Thursday, January 22, 2015

Happy New Year!

It's been awhile since I've written, but I have some fun organizing treats in store for 2015 and can't wait to share them with you! I spent some time over the holidays getting really real (look away Grammar teachers) with my recipes, kitchen tools, clothes, etc. First topic on the chopping block organizing checklist: my recipe and cookbook collection.

But case you missed it, SHMorganizing was in the news! Special thanks to Celebrate Magazine for asking me to assist with their "Refresh Your Home: Get Organized" piece. To read the full article, be sure to pick up their Jan/Feb issue on newsstands now.

As I mentioned in Celebrate's article, magazines and cookbooks are famous for being massively accumulated then forgotten about. And when it comes to meal planning, if you don't have your game face on then your time, energy, and resources pay the price.

We've been in a food rut lately and I believe that's because our system wasn't working. Similar to our manuals, we had everything in the same place but there was no functionality. The biggest issue was our loose recipes (e.g. index cards, online recipe print-outs, newspaper cut-outs, etc.)...yes they were all in one folder, but one dare not open it.

BEFORE (click on images to enlarge)

I put my SHMorganizing hat on and got to work!

I pulled all of the cookbooks out and found a couple to donate. I reviewed all of the loose recipes and tossed at least two dozen. Remember: get real with yourself. I love a great meal, but cooking isn't one of my passions. So other than several "fancy" recipes I use for holidays and celebrations, why was I hanging onto meals that kept me at the stove longer than at the dinner table with the people I love?! Finally, I tore out all of the recipes and kitchen tips I had flagged in magazines and recycled what was left.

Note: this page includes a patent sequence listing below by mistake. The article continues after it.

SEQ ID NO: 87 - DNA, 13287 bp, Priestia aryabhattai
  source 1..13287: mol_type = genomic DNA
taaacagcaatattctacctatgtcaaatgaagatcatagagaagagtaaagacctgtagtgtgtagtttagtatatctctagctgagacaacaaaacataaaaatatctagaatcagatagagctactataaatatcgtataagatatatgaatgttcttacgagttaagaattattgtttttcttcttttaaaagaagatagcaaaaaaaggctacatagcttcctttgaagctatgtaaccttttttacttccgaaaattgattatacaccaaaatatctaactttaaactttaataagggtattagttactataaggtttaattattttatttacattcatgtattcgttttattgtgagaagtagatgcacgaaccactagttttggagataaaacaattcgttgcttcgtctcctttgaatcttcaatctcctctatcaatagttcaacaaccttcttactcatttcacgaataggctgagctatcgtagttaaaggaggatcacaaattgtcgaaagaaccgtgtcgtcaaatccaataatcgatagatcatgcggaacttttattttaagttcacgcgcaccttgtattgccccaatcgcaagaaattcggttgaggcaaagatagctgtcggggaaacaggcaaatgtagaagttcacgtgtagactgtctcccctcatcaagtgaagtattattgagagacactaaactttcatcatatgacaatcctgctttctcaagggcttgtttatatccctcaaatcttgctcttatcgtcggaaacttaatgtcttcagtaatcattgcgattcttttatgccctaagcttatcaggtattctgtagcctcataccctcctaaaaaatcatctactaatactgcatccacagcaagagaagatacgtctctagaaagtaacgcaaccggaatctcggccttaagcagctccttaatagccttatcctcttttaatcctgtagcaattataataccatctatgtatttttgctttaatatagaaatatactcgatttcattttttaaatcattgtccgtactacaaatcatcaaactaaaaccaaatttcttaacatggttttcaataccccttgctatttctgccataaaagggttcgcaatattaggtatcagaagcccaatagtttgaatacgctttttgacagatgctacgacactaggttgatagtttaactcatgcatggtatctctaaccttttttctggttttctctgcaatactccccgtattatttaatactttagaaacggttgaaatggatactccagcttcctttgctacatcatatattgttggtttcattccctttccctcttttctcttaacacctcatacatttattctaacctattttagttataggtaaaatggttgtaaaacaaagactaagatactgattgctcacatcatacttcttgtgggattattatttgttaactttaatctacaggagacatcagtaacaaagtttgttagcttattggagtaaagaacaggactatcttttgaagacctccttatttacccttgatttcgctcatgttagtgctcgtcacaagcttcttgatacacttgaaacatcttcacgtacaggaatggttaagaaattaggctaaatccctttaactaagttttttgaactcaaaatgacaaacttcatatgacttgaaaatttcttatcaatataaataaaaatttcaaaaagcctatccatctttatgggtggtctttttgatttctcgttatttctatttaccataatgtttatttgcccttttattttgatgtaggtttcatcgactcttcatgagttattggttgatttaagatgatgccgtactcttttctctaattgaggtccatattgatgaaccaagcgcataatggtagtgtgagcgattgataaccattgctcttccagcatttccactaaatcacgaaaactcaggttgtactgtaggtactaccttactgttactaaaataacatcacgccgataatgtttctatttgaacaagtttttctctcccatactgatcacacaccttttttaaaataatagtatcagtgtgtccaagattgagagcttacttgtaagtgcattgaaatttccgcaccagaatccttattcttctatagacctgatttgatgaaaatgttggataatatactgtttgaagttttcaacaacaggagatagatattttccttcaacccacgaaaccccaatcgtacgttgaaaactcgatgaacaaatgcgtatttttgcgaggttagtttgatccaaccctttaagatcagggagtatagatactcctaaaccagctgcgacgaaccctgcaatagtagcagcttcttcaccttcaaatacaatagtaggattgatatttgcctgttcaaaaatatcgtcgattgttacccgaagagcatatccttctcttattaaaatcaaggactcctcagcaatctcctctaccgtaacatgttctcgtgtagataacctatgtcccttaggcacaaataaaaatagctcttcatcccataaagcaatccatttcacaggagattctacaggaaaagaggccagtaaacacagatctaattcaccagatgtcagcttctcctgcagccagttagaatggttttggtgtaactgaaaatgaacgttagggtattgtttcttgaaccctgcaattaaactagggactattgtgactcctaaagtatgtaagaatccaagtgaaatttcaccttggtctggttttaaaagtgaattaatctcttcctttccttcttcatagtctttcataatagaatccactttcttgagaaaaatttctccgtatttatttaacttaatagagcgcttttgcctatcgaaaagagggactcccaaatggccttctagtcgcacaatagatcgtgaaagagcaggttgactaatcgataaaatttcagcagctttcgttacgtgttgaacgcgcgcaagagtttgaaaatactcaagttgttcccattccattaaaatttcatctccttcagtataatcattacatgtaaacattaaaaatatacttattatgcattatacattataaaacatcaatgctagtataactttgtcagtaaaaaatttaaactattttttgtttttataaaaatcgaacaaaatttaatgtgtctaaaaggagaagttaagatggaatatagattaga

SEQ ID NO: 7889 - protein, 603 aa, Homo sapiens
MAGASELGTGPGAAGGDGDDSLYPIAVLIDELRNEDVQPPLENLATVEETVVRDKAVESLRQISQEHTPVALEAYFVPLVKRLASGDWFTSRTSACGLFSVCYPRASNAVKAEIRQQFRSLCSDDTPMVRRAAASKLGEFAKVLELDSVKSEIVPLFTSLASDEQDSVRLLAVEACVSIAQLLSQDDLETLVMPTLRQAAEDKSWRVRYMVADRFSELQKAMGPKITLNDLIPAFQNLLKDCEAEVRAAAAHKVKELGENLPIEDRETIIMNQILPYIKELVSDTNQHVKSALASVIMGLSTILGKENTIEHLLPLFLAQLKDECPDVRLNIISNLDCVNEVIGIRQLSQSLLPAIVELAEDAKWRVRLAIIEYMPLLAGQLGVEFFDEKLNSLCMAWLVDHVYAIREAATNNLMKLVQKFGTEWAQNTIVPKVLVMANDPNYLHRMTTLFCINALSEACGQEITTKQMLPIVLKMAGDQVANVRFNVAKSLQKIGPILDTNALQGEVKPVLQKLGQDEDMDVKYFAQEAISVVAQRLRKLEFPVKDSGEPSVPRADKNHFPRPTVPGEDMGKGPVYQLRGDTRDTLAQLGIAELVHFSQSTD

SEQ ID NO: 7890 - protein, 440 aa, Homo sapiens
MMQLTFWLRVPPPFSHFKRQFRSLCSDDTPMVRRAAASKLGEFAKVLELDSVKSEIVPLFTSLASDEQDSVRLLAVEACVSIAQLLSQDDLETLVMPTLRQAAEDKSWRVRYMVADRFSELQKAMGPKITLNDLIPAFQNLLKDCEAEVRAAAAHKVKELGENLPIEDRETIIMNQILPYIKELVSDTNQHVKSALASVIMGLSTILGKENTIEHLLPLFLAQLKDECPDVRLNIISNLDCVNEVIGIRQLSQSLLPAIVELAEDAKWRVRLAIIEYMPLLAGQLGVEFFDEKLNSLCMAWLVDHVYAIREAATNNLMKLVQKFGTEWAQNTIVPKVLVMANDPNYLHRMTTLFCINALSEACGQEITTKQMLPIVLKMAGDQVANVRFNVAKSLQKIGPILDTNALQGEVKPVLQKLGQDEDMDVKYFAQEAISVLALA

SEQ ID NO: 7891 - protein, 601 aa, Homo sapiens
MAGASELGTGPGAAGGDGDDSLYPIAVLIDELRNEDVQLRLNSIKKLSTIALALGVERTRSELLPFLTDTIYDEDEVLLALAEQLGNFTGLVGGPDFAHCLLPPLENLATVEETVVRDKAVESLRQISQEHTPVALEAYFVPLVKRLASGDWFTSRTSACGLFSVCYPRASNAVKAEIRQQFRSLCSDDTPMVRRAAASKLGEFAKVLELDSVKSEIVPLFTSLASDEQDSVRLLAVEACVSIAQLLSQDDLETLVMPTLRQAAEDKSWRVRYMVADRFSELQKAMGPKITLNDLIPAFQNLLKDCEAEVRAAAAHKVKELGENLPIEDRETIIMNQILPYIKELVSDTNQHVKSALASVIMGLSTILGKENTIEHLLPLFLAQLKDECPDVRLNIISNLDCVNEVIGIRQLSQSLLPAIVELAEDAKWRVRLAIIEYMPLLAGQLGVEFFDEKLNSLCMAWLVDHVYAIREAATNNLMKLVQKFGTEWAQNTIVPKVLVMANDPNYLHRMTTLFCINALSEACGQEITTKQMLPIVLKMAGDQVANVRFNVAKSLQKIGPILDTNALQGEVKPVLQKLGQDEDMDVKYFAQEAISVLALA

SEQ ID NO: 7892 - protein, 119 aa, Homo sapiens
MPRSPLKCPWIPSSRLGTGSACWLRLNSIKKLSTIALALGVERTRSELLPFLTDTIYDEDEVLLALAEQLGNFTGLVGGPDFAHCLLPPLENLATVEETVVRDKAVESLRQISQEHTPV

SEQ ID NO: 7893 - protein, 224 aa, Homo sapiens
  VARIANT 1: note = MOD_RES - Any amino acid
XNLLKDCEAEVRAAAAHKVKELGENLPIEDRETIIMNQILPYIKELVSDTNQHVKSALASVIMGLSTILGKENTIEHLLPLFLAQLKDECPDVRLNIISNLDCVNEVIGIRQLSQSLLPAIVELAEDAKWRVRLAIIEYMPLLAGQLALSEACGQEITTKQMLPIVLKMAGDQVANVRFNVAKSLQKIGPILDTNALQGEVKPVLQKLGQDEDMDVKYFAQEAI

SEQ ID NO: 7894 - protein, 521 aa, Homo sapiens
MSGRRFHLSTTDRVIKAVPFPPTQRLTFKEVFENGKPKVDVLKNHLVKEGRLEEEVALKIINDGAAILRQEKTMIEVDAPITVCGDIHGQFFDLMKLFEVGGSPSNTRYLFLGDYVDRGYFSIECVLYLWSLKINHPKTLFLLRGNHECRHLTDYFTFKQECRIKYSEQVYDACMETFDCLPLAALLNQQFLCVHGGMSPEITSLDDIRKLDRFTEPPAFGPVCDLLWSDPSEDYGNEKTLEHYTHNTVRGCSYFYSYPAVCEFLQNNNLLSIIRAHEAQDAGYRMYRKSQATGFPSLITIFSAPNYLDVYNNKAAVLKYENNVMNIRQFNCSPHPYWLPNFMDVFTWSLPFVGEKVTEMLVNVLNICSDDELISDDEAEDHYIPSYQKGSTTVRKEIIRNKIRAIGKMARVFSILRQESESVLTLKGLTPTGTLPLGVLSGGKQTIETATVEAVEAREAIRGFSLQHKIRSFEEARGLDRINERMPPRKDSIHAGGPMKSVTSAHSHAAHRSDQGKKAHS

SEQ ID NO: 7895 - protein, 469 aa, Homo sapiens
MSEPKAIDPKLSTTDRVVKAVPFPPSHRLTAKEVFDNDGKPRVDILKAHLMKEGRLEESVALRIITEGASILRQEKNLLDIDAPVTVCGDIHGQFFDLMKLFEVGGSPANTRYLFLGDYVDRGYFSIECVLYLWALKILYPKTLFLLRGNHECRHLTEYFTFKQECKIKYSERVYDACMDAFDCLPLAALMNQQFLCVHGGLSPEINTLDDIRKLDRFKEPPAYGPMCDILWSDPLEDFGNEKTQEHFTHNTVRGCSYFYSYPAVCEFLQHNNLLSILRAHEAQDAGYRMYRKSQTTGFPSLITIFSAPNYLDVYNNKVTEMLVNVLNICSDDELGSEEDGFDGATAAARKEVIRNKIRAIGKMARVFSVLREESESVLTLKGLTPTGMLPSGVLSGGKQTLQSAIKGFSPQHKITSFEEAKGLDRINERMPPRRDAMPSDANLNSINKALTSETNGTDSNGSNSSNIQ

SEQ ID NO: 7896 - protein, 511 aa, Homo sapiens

When the time came to put everything back together, I went with the Five Star Flex 1" Hybrid NoteBinder. The pages can be tucked under and the special rings won't break or misalign. Not fancy, but oh so easy to use!

I purchased some clear sheet protectors and loaded each sleeve with two recipes (front and back), then categorized them by appetizers, soups & chili, salads & sides, and so forth. If the recipe was an odd size - an index card, for example - I taped it to a letter-size piece of paper so it would stay in place. Traditional tab dividers don't stick out far enough when you use sheet protectors, so I used Post-it Writable Tabs and labeled accordingly.

Finally - my favorite part - I put a velcro binder pocket in the front of the binder for recipes I want to try soon or recipes we haven't made in awhile. So when it's the eleventh hour and I need a meal, I know right where to go!

If your meal planning could use some similar attention, keep these points in mind:
* Realistically think about your cooking abilities, likes & dislikes, time, ingredient budget, etc.
* Respect the space you have and acknowledge limits. Overcrowded cookbook shelf? Time to purge. Plus you're more likely to use and maintain a tidy space.
* Don't let such things make you feel guilty. Tried enough recipes in a cookbook to know it's not a good match? Donate that sucker and give it new life! As the saying goes: keep the best, get rid of the rest.
* Look through and edit your recipes a couple times per year so your collection stays manageable.
* Use what you love. Prefer a fancier recipe binder? Need more categories? Etc. etc. etc. Use supplies you love so you'll love to use your supplies.
* Ready to go paperless? Consider a personalized & digital cookbook app like Paprika or My Recipe Book.

'Til next time,

Birmingham-based professional organizer, Stacey McElrath, helps clients throughout Alabama and the southeast clear clutter and establish customized systems to maintain order in their homes or offices. Contact SHMorganizing today for more information: